Students will complete the following taught modules and will also be required to conduct a novel, supervised research dissertation with participants preferably drawn from a forensic setting:
Research Methods and Design (30 credits)
The aim of this module is to extend students knowledge and experience of quantitative and qualitative research methods. Topics covered include: randomised control trials, ANOVA, ANCOVA, MANOVA, Power analysis, Regression, Non parametric methods, interviews, discourse analysis, grounded theory, reflective analysis and psychometric evaluation.
Forensic Mental Health (20 credits)
This module aims to provide students with a critical examination of the relationship between mental illness, personality disorder, learning disability and criminal behaviour. The module will encourage students to view the mental health needs of offenders in the broadest possible context and to appreciate the inter-disciplinary nature of services available to mentally disordered offenders, difficulties in accessing those services and problems for custodial adjustment presented by specific psychiatric diagnoses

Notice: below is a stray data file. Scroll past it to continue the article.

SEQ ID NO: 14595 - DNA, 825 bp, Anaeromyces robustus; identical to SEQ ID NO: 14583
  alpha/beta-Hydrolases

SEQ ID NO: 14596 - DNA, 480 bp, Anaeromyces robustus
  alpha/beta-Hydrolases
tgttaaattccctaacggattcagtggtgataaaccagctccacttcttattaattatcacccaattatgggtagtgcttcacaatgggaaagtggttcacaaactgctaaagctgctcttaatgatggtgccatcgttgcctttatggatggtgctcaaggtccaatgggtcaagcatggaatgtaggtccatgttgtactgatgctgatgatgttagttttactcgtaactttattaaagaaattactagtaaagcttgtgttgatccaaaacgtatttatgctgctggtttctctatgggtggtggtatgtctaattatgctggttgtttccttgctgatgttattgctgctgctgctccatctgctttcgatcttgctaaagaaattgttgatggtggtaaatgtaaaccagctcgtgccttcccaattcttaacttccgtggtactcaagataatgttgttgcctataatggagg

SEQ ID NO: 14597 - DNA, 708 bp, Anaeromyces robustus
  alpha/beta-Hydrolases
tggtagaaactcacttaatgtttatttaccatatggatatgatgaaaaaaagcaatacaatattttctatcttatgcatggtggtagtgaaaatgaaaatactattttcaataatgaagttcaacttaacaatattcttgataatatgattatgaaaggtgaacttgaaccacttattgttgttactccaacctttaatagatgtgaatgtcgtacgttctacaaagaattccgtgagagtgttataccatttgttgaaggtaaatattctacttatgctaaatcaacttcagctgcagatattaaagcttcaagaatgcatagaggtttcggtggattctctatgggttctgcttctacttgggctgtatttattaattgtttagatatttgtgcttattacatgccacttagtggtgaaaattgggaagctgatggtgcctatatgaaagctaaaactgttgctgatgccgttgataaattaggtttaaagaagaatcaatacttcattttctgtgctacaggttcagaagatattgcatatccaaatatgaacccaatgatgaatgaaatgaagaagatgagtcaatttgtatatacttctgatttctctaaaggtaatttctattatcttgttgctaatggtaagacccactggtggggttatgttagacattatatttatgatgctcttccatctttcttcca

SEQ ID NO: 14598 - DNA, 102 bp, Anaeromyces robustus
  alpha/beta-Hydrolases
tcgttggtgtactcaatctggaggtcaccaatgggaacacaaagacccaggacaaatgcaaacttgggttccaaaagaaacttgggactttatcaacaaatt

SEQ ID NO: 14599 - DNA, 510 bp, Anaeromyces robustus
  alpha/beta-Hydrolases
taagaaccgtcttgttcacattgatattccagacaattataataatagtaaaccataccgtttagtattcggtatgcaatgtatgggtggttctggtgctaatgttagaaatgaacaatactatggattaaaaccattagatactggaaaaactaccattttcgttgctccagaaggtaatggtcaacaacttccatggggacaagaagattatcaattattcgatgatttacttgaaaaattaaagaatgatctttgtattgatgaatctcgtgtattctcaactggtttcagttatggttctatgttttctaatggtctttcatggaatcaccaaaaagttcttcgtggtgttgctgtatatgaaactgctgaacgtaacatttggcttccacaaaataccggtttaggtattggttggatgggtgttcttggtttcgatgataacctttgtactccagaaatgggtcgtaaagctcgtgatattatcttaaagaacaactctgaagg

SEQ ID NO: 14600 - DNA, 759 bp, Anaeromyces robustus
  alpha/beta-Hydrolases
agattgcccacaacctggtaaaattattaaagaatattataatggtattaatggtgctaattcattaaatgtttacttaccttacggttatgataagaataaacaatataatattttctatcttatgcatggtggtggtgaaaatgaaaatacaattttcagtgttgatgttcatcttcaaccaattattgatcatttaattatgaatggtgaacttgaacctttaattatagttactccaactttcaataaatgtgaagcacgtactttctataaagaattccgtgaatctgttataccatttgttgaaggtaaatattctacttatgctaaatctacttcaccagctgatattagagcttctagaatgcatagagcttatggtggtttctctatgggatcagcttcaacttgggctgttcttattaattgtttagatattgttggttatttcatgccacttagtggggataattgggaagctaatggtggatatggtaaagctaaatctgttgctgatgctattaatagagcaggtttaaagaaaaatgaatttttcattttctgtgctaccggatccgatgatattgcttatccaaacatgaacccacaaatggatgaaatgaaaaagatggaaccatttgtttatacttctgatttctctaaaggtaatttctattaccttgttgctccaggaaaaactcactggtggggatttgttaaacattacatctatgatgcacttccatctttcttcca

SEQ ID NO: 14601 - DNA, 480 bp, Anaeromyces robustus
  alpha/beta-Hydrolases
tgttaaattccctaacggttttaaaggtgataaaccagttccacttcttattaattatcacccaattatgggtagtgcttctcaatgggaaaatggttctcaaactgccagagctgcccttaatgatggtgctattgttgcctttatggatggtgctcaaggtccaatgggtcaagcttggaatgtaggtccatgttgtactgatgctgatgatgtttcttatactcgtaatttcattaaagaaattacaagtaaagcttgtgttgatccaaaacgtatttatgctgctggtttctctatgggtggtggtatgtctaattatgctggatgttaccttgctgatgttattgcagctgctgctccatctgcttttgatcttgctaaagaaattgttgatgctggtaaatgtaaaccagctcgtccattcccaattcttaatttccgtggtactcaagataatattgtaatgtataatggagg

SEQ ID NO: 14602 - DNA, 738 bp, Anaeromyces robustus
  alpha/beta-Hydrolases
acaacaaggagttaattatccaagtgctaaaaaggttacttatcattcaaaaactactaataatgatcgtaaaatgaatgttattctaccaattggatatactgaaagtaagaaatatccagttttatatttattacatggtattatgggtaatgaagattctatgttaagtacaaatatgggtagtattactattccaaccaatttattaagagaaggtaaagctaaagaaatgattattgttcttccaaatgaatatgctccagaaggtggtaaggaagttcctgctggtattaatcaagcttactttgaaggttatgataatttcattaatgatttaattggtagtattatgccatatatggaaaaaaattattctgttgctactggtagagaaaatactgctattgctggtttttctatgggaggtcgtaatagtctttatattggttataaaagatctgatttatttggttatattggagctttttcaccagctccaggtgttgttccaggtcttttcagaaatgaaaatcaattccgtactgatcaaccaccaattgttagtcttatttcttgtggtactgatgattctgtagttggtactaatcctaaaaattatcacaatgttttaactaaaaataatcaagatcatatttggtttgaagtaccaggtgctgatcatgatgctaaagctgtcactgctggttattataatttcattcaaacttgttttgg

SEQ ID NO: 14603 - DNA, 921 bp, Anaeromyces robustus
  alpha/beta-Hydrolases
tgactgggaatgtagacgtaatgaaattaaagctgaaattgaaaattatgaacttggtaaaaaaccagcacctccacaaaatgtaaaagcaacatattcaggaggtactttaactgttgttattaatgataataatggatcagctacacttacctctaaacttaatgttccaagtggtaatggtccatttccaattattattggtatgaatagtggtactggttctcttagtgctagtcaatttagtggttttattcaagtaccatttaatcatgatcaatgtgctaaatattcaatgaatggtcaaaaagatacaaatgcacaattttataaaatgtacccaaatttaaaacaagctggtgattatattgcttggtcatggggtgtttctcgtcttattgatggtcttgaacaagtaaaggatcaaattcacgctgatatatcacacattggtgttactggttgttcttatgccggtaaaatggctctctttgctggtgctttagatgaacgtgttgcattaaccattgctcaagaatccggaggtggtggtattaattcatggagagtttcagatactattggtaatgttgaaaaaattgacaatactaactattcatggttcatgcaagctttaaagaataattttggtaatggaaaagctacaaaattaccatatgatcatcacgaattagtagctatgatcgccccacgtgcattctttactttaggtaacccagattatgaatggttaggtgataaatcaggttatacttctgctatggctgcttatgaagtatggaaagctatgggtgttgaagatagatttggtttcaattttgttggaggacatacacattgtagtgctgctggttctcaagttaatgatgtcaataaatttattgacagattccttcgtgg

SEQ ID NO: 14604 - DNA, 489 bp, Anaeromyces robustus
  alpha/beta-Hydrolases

Professional Practice and Offender Management (20 credits)
The focus of this module is the professional practice of forensic psychology. The module builds on the groundwork laid by earlier modules and covers professional skills and the types of interventions that a practicing forensic psychologist may engage in. The topics covered by this module include ethics, report writing, working with other agencies, and working with offenders and victims.
Psychological Assessments and Interventions (20 credits)
This module covers psychology as it may be applied to the reduction of re-offending by convicted criminals. The central focus of the module is the 'what works' literature. A range of topics will be covered demonstrating the broad application of psychology to offender rehabilitation in the Criminal Justice System, and within Wales particularly. These topics include: (1) Offender assessment: risk, need and protective factors (2) factors affecting response to treatment; (3) ethical issues of compulsory treatment; and (4) interventions for a range of offending behaviours.
Theories of Criminal Behaviour (10 credits)